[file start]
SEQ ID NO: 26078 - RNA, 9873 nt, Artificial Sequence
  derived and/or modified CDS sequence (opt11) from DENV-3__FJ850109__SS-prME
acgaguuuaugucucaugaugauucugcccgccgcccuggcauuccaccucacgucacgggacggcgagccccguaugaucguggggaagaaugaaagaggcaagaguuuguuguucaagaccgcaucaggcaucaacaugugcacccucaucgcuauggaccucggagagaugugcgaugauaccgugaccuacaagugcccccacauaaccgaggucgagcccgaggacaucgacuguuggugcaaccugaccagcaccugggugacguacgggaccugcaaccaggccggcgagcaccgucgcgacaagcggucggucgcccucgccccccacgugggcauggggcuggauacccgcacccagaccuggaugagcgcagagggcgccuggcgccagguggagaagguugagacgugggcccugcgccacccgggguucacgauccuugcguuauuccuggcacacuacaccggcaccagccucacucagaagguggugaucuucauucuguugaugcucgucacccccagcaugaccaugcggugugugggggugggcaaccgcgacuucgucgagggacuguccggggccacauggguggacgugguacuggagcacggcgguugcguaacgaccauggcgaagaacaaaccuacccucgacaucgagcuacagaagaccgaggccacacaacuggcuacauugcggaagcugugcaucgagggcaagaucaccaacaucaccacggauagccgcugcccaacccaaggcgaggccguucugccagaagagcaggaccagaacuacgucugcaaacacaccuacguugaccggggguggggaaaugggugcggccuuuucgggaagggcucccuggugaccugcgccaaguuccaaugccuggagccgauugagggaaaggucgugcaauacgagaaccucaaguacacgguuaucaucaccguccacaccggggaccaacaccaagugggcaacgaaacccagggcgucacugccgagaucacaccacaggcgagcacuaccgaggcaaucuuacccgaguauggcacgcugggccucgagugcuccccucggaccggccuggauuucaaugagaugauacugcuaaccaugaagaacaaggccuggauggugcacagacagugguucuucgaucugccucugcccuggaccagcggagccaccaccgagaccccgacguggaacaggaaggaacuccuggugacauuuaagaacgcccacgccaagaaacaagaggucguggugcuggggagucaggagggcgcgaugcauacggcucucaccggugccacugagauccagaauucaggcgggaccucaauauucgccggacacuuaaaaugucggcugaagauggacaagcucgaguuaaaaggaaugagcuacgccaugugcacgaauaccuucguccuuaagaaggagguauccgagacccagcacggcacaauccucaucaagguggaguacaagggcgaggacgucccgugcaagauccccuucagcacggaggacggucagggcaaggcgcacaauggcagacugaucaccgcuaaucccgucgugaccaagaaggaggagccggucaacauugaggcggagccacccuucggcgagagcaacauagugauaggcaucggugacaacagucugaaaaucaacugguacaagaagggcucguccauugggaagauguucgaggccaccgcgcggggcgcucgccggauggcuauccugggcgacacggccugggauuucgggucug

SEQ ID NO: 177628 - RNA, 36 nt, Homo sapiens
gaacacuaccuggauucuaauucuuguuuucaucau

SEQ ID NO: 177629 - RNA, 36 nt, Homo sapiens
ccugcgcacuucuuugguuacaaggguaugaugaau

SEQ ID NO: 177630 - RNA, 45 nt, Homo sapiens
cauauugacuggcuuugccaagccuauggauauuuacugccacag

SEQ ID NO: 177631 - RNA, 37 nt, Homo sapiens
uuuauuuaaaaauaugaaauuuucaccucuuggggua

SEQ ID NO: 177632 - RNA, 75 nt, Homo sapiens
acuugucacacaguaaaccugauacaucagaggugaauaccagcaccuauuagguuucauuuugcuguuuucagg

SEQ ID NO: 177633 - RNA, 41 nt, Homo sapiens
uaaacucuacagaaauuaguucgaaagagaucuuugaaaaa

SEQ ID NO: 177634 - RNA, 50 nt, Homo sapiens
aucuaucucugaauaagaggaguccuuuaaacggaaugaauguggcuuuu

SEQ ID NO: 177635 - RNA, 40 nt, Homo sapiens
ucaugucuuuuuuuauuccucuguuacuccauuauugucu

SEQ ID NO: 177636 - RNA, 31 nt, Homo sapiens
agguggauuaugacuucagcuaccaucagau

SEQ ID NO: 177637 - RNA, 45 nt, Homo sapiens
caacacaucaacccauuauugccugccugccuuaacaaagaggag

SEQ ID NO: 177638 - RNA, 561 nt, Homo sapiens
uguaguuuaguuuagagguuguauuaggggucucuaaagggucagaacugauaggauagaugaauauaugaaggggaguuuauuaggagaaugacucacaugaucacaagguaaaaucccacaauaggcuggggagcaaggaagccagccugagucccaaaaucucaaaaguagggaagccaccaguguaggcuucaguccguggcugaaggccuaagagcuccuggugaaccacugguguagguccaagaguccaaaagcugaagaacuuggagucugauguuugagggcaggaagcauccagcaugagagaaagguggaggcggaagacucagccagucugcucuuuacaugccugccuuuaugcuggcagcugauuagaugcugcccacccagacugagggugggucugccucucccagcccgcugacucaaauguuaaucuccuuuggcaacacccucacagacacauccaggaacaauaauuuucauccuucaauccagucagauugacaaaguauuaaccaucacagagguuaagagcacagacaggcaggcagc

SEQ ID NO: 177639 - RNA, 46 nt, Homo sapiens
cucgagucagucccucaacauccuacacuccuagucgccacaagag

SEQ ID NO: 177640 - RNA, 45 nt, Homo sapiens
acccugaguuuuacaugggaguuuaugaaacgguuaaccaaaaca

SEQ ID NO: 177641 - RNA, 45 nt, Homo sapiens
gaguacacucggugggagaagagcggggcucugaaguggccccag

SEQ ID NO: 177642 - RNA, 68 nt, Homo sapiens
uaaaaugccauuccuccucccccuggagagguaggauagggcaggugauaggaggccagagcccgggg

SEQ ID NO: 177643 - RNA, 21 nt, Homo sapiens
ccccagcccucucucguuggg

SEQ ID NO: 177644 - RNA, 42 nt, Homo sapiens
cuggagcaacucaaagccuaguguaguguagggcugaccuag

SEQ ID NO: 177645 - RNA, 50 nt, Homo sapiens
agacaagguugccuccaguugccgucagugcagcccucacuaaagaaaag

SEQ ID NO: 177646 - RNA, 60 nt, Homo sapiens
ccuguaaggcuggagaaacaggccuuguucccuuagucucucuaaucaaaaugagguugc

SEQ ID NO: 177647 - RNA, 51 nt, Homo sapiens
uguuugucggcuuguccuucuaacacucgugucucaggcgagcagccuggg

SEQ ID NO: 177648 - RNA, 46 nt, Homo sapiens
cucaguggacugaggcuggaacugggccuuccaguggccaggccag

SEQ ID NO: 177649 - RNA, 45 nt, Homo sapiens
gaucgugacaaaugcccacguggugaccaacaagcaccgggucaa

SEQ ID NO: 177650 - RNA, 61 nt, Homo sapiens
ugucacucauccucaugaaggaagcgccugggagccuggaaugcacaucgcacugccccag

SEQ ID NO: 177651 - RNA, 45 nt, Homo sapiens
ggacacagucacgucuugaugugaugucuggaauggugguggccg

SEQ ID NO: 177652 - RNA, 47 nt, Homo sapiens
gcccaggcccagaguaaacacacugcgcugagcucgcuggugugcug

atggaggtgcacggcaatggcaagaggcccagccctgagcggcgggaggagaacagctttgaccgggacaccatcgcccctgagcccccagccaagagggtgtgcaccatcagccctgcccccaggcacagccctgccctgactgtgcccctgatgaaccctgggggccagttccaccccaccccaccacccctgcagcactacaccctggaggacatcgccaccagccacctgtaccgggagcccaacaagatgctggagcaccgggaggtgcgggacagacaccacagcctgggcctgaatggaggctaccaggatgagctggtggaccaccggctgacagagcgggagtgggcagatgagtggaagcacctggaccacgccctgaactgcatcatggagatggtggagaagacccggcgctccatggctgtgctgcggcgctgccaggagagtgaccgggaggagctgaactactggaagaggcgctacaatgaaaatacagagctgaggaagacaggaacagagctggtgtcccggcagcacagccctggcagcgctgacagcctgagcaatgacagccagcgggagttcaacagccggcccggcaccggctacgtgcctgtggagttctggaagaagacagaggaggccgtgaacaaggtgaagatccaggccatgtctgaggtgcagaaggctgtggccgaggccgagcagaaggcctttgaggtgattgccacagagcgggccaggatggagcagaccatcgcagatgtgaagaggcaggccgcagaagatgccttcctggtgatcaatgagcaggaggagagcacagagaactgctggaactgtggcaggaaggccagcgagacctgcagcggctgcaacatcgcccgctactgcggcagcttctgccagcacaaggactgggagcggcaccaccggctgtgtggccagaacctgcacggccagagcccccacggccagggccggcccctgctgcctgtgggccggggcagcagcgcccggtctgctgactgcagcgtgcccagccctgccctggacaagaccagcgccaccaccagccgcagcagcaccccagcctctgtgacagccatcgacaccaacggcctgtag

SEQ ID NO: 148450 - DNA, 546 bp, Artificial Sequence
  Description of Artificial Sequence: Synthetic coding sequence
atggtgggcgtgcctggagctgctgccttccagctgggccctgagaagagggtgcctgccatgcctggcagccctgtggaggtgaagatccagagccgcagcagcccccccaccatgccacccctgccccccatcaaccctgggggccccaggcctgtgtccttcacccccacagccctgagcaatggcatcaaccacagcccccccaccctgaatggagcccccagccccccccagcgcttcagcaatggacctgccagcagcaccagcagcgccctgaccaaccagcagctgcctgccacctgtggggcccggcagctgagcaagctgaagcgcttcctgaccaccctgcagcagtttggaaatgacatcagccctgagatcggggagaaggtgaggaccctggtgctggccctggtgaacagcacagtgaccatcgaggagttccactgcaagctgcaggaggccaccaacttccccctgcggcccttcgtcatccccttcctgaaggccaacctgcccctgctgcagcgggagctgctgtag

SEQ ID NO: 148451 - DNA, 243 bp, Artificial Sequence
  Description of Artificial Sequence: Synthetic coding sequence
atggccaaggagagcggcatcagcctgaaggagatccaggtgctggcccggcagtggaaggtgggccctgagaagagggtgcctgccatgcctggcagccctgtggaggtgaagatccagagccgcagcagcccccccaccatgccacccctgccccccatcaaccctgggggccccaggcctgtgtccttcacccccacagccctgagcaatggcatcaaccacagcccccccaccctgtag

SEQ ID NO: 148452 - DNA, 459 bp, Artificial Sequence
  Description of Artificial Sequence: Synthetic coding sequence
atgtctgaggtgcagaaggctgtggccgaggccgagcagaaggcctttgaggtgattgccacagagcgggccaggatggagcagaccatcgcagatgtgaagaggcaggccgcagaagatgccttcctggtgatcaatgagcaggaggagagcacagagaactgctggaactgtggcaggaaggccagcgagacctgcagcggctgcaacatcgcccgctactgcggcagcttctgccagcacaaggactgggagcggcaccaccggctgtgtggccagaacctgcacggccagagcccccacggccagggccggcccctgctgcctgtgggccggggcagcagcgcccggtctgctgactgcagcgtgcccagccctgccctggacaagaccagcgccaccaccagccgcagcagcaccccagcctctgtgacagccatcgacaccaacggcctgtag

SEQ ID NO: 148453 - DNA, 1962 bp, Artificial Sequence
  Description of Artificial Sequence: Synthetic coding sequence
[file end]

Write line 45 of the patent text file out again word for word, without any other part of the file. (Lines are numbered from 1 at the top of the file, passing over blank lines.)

cucaguggacugaggcuggaacugggccuuccaguggccaggccag